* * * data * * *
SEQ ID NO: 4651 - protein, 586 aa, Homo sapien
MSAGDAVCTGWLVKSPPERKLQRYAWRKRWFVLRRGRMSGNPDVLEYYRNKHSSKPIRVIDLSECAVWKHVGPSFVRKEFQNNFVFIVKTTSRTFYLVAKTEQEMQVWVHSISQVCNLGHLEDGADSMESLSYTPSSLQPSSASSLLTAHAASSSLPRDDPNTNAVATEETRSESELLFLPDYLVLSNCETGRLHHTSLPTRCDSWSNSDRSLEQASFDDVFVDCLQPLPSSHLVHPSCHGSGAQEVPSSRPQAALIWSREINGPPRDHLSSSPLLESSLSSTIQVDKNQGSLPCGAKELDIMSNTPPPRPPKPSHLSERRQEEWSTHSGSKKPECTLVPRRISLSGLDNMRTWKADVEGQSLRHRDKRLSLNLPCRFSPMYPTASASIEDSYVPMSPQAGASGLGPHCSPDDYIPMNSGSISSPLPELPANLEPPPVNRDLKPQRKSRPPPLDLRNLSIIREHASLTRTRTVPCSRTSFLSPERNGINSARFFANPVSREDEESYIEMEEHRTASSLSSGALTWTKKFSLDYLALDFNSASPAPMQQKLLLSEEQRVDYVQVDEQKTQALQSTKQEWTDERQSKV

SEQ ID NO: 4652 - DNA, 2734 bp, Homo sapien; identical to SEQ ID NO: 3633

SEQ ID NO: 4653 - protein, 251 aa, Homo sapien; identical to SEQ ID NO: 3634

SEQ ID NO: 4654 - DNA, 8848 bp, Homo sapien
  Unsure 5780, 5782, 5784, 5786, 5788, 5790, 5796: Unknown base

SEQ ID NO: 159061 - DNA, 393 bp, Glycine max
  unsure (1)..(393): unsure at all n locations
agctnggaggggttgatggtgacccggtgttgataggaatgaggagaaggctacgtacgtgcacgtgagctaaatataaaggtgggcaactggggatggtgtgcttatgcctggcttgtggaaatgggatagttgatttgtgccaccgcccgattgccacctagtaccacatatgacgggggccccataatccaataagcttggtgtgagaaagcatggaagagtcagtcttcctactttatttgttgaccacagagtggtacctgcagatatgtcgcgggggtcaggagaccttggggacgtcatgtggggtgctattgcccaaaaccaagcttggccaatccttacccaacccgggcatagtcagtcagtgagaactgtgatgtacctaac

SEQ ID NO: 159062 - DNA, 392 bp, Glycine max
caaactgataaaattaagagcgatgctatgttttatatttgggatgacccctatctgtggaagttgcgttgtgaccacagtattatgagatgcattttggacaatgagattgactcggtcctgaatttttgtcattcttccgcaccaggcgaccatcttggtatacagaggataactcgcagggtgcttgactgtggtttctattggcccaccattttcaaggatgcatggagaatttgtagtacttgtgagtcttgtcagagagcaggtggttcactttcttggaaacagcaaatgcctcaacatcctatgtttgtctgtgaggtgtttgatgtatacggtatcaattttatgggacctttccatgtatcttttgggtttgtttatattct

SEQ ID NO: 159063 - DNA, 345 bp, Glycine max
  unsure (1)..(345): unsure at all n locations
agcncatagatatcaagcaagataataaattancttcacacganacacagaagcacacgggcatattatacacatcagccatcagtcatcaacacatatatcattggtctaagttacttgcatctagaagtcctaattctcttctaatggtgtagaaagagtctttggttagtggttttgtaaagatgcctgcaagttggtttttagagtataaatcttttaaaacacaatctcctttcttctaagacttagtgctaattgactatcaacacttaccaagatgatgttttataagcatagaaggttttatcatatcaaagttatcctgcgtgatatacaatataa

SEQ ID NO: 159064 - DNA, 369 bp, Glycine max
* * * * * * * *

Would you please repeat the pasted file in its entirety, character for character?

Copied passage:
SEQ ID NO: 4651 - protein, 586 aa, Homo sapien
MSAGDAVCTGWLVKSPPERKLQRYAWRKRWFVLRRGRMSGNPDVLEYYRNKHSSKPIRVIDLSECAVWKHVGPSFVRKEFQNNFVFIVKTTSRTFYLVAKTEQEMQVWVHSISQVCNLGHLEDGADSMESLSYTPSSLQPSSASSLLTAHAASSSLPRDDPNTNAVATEETRSESELLFLPDYLVLSNCETGRLHHTSLPTRCDSWSNSDRSLEQASFDDVFVDCLQPLPSSHLVHPSCHGSGAQEVPSSRPQAALIWSREINGPPRDHLSSSPLLESSLSSTIQVDKNQGSLPCGAKELDIMSNTPPPRPPKPSHLSERRQEEWSTHSGSKKPECTLVPRRISLSGLDNMRTWKADVEGQSLRHRDKRLSLNLPCRFSPMYPTASASIEDSYVPMSPQAGASGLGPHCSPDDYIPMNSGSISSPLPELPANLEPPPVNRDLKPQRKSRPPPLDLRNLSIIREHASLTRTRTVPCSRTSFLSPERNGINSARFFANPVSREDEESYIEMEEHRTASSLSSGALTWTKKFSLDYLALDFNSASPAPMQQKLLLSEEQRVDYVQVDEQKTQALQSTKQEWTDERQSKV

SEQ ID NO: 4652 - DNA, 2734 bp, Homo sapien; identical to SEQ ID NO: 3633

SEQ ID NO: 4653 - protein, 251 aa, Homo sapien; identical to SEQ ID NO: 3634

SEQ ID NO: 4654 - DNA, 8848 bp, Homo sapien
  Unsure 5780, 5782, 5784, 5786, 5788, 5790, 5796: Unknown base

SEQ ID NO: 159061 - DNA, 393 bp, Glycine max
  unsure (1)..(393): unsure at all n locations
agctnggaggggttgatggtgacccggtgttgataggaatgaggagaaggctacgtacgtgcacgtgagctaaatataaaggtgggcaactggggatggtgtgcttatgcctggcttgtggaaatgggatagttgatttgtgccaccgcccgattgccacctagtaccacatatgacgggggccccataatccaataagcttggtgtgagaaagcatggaagagtcagtcttcctactttatttgttgaccacagagtggtacctgcagatatgtcgcgggggtcaggagaccttggggacgtcatgtggggtgctattgcccaaaaccaagcttggccaatccttacccaacccgggcatagtcagtcagtgagaactgtgatgtacctaac

SEQ ID NO: 159062 - DNA, 392 bp, Glycine max
caaactgataaaattaagagcgatgctatgttttatatttgggatgacccctatctgtggaagttgcgttgtgaccacagtattatgagatgcattttggacaatgagattgactcggtcctgaatttttgtcattcttccgcaccaggcgaccatcttggtatacagaggataactcgcagggtgcttgactgtggtttctattggcccaccattttcaaggatgcatggagaatttgtagtacttgtgagtcttgtcagagagcaggtggttcactttcttggaaacagcaaatgcctcaacatcctatgtttgtctgtgaggtgtttgatgtatacggtatcaattttatgggacctttccatgtatcttttgggtttgtttatattct

SEQ ID NO: 159063 - DNA, 345 bp, Glycine max
  unsure (1)..(345): unsure at all n locations
agcncatagatatcaagcaagataataaattancttcacacganacacagaagcacacgggcatattatacacatcagccatcagtcatcaacacatatatcattggtctaagttacttgcatctagaagtcctaattctcttctaatggtgtagaaagagtctttggttagtggttttgtaaagatgcctgcaagttggtttttagagtataaatcttttaaaacacaatctcctttcttctaagacttagtgctaattgactatcaacacttaccaagatgatgttttataagcatagaaggttttatcatatcaaagttatcctgcgtgatatacaatataa

SEQ ID NO: 159064 - DNA, 369 bp, Glycine max